Before we talk about the side effects of marijuana, let’s get to know what this most commonly used illicit drug in America actually is and how it works.
One of most active ingredients of marijuana is Delta-9-tetrahydrocannabinol, commonly referred to as THC, which has the potential for making humans high. When THC enters the blood, its mind-altering capabilities come into action pretty quickly. THC and some other compounds can affect the way your body works.
Marijuana is so popular that at least one in every three Americans has used it once, and as the stigma attached to it is declining because of the modern scientific researches, it’s popularity is at an all-time high. It’s being legalized for medical or even recreational use in some states. Smoking marijuana is no longer the only way people use it. Vaporizers and vaping weed have become more, or as popular as smoking it and new ways of getting high, like consuming edibles or using THC oil have become the norm. Most users feel relaxed and happy, and it has been reported to ease certain pains, eliminate nausea and is also considered to be helpful in stopping vomiting in advanced cases of cancer or AIDS. People suffering from serious illnesses who lose appetite are also reported to find weed helpful in improving and augmenting their appetite.
Although occasional use isn’t believed to be harmful, negative side effects of marijuana can impact your body as well as the mind, can slow down reflexes and impair decision-making capabilities. It’s so potent that it can be detected in urine up to seven days after casual use and up to 30 days after regular, heavy use.
Common Terms for Marijuana
Hemp: it’s just a plant like any other. The leaves, flowers, stem and seeds of Cannabis Sativa hemp plant are used as weed.
Cannabis: scientific term to describe hemp plant.
Marijuana or weed: slang for cannabis leaves and flowers
Hashish: it’s an extract of weed, usually pressed resin from marijuana. Just like any other extract, hashish is more potent than regular weed.
Negative Side Effects of Cannabis
Like any other drug (including alcohol), the side effects from marijuana vary from person to person. One person might feel stressed and even disoriented while other might feel relaxed and focused. In addition to your body, several other factors including type and amount of cannabis, your mood or the current state of mind, your circumstances, environment/settings, your diet, and many others, can also play a huge rule in determining the effects of weed you’ll experience.
The most common and obvious side effects of THC are bloodshot eyes and dry mouth. And that’s why you’ll see that most potheads carry some sort of eye washing product with them. Other commonly reported side effects include, but not limited to, pointless giggling, sloth-like reflexes, loss of inhibitions, an enhanced appreciation for things like colors, music etc. you wouldn’t pay much attention to normally.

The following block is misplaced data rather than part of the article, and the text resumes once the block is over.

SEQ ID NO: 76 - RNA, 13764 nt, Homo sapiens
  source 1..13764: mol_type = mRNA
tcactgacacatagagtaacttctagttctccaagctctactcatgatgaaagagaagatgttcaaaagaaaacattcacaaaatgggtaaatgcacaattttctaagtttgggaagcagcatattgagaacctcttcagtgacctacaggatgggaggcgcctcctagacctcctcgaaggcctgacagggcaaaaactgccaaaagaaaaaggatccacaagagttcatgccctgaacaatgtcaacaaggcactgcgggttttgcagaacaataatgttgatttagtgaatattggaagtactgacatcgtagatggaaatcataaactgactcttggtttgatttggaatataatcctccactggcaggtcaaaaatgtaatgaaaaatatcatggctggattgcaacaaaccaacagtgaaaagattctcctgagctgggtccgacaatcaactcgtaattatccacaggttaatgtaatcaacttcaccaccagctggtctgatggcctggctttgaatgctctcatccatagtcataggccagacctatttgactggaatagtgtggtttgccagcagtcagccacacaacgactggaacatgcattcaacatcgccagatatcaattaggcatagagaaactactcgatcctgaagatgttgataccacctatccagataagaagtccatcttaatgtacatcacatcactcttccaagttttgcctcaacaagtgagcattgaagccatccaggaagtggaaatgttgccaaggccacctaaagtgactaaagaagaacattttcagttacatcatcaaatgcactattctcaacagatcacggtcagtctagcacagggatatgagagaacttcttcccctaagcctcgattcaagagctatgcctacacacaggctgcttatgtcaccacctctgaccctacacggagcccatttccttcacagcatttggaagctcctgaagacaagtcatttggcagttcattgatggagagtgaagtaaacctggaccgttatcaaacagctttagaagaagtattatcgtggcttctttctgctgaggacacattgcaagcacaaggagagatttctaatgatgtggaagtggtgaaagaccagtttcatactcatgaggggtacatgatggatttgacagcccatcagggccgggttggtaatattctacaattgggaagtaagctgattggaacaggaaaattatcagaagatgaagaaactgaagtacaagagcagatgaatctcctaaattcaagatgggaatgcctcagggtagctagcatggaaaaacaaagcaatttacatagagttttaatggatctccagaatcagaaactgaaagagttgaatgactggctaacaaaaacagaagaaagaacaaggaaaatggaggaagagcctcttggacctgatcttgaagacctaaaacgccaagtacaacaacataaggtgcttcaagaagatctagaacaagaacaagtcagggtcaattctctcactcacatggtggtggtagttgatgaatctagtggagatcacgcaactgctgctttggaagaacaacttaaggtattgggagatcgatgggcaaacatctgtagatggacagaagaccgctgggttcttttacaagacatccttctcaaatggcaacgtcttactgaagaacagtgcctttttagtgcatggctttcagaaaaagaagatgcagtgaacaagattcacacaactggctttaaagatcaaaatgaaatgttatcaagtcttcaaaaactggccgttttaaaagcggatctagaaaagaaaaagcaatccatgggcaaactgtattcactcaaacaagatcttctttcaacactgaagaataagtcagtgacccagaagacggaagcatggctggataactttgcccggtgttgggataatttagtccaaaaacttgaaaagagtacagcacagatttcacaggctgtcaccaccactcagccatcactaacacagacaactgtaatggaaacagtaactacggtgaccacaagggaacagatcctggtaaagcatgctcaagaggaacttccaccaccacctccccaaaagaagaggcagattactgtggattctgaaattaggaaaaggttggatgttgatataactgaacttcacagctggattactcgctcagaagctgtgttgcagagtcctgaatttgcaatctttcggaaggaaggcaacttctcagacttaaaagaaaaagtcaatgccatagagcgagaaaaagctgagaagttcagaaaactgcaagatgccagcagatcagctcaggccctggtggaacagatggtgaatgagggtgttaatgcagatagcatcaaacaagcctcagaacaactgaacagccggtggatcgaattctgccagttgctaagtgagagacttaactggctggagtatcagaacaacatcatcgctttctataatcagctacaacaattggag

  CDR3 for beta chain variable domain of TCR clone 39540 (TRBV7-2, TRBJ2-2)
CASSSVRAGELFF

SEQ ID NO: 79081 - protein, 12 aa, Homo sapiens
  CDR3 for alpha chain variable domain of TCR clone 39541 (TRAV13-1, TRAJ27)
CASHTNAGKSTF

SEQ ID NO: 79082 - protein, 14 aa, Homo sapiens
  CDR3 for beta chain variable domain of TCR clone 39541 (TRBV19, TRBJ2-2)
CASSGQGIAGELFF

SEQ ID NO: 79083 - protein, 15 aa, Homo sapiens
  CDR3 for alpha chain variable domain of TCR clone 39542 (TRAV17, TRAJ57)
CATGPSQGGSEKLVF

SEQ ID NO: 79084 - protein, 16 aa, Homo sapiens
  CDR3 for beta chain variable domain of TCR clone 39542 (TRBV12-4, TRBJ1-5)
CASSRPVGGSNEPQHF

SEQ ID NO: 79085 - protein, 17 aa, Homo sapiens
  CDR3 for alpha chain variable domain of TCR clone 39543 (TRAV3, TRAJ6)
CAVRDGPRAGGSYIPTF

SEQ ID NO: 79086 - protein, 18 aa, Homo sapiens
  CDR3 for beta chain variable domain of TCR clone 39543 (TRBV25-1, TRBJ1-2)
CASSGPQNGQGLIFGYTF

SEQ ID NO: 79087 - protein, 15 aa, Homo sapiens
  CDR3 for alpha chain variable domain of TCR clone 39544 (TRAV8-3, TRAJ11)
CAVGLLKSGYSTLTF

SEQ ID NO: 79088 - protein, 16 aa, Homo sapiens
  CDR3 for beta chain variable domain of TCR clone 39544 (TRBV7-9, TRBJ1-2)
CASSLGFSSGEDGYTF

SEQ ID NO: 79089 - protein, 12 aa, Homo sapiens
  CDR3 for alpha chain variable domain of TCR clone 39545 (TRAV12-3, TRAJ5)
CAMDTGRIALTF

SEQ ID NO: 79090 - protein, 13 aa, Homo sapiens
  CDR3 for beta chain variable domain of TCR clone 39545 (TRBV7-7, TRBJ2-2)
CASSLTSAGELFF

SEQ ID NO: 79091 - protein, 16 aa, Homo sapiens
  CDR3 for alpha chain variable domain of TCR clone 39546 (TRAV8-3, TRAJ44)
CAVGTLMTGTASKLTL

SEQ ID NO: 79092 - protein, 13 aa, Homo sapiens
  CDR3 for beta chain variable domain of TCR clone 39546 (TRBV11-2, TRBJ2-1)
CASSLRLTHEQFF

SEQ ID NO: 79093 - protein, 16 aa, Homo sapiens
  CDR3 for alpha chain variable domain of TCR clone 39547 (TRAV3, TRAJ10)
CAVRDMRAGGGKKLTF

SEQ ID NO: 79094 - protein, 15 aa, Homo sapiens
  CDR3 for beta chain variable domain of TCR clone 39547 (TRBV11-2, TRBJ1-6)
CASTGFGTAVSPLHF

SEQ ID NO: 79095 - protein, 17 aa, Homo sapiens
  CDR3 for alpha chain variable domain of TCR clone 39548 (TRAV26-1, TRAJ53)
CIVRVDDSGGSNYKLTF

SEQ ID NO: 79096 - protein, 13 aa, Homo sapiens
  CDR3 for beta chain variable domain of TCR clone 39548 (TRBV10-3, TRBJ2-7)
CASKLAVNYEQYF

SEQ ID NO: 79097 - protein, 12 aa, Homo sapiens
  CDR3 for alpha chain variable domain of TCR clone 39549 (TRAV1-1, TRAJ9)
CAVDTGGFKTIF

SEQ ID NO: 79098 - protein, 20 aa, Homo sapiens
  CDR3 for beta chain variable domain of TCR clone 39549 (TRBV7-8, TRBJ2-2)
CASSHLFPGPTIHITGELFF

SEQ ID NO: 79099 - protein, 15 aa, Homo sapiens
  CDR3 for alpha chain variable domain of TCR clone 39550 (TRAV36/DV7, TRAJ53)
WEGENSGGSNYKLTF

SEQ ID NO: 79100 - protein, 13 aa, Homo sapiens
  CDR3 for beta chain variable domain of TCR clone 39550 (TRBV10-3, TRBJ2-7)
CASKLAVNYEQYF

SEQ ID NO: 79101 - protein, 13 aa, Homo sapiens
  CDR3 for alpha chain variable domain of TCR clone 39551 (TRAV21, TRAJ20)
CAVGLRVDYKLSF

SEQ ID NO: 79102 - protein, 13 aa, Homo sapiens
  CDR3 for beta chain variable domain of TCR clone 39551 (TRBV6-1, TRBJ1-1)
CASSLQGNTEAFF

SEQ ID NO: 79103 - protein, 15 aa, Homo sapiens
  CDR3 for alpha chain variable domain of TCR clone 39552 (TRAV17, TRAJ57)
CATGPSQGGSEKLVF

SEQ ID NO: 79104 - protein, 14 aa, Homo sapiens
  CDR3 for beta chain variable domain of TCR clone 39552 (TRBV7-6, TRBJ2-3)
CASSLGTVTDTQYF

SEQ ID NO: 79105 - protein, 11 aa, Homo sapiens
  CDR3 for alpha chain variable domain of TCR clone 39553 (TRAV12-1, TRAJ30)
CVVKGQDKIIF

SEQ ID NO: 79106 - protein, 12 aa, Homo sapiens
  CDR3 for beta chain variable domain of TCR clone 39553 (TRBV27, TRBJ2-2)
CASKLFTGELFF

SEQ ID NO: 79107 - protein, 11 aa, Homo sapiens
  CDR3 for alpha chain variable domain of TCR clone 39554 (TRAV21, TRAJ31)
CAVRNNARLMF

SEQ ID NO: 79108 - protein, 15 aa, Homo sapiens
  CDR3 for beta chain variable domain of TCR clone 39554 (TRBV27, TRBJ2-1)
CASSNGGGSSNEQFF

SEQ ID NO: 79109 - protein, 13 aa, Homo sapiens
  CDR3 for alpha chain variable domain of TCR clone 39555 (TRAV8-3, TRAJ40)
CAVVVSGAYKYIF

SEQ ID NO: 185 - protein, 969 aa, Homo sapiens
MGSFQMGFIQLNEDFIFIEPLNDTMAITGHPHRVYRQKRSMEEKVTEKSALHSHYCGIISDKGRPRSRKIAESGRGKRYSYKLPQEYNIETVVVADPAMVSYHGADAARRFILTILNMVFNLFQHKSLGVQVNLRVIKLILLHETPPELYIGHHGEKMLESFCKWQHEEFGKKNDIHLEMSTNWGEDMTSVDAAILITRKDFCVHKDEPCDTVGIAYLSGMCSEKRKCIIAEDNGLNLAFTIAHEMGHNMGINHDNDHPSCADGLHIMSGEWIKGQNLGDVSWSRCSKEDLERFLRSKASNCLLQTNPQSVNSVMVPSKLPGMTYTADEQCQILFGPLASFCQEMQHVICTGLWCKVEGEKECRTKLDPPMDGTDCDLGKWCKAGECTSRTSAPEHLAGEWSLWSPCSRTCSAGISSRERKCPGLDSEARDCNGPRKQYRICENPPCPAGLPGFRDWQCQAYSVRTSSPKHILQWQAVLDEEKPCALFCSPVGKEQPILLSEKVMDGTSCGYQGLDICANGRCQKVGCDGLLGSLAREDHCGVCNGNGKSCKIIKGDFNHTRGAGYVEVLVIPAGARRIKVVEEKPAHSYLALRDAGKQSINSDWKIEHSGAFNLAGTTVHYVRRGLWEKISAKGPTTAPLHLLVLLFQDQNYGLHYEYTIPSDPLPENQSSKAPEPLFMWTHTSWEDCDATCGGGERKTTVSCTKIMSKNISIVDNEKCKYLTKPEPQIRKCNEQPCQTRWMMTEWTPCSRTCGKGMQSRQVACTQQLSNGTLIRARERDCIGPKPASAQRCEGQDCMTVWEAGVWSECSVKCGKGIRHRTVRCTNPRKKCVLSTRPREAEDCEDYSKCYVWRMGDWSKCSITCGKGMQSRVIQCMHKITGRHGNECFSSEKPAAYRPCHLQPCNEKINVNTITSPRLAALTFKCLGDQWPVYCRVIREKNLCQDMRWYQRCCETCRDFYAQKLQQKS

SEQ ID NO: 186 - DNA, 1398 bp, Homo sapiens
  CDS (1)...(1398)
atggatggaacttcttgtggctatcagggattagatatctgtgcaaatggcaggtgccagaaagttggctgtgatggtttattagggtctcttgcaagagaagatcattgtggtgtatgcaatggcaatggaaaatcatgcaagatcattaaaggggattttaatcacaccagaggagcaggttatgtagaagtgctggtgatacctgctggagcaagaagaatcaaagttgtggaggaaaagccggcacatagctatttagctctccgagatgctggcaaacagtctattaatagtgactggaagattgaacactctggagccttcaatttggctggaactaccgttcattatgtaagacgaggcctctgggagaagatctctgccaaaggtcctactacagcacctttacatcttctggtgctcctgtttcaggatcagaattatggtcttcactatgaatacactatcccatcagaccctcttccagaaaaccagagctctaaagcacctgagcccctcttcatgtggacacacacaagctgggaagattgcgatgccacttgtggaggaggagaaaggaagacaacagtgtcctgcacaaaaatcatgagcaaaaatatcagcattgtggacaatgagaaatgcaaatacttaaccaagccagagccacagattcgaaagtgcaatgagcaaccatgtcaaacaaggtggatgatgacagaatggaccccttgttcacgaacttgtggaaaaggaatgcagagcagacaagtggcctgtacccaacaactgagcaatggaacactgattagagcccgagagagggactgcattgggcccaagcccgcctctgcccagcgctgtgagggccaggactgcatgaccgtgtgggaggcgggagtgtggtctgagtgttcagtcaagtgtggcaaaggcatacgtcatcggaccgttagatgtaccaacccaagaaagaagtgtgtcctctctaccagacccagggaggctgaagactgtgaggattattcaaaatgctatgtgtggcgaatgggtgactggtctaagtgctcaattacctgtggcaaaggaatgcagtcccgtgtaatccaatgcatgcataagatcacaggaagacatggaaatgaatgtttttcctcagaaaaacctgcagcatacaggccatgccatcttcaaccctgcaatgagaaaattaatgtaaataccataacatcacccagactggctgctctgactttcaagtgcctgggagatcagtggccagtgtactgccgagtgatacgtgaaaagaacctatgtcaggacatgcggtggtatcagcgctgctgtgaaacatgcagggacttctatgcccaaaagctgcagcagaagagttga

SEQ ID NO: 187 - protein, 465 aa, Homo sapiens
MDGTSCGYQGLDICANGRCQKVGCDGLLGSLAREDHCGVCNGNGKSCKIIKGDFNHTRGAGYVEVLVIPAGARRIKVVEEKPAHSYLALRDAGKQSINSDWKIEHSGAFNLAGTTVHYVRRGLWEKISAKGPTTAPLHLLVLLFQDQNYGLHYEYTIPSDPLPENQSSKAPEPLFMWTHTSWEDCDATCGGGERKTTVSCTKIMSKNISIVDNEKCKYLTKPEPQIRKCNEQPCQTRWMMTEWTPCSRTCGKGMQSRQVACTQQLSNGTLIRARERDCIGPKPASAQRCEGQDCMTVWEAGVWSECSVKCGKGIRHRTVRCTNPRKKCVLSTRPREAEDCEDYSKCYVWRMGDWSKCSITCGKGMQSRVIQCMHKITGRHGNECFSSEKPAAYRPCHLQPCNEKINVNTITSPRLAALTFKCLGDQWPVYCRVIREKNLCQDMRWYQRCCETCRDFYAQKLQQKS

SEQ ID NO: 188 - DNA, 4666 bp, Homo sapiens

Most types of cannabis are mild, however, strong cannabis (e.g. skunk or purple haze) or too much usage can have stronger effects such as hallucination while some people also report increased anxiety and paranoia. Although it doesn’t augment risk-taking behavior like alcohol does, weed does impair mental functions such as memory, attention, and performance, which makes driving or operating heavy machinery risky.
Health Risks of Cannabis
While many believe marijuana to be extremely dangerous, it’s actually considerably less harmful than other substances in the same class such as barbiturates, amphetamines etc. In fact, occasional use of weed is hardly ever associated with any health issues. Even for serious users, science has yet to prove any solid evidence of major health problems for the users or the society. Especially in individuals who are otherwise healthy, the biggest real harm marijuana can do is impaired control of movements.
However, for people who have heart and circulation disorders, low blood pressure, diabetes, or schizophrenia, weed can pose significant threats. No matter how weed enters your body, it impacts pretty every major organ in your body in one way or another, though not always negatively. Smoking and vaporizing with the best vapes, yield instantaneous high as THC is absorbed immediately by your body, and you can be under the influence for up to four hours. For those who eat pot-laced brownies or cookies, the effects appear after quite. Here are a few issues that weed is commonly believed to trigger or augment.
The biggest health issue of weed is dependence. Regular heavy usage might make you dependent, however, it’s far less addictive than tobacco as well as alcohol. In fact, it’s reported that only 10% people who use weed become addicted to it.
Higher Chances of Cardiac Arrest
When smoked, marijuana can increase your heart rate up to two times from the normal rate. The increased heartbeat rate is often linked to increased chances of heart attack, and that’s why doctors recommend heart patients to stay away from any form of cannabis.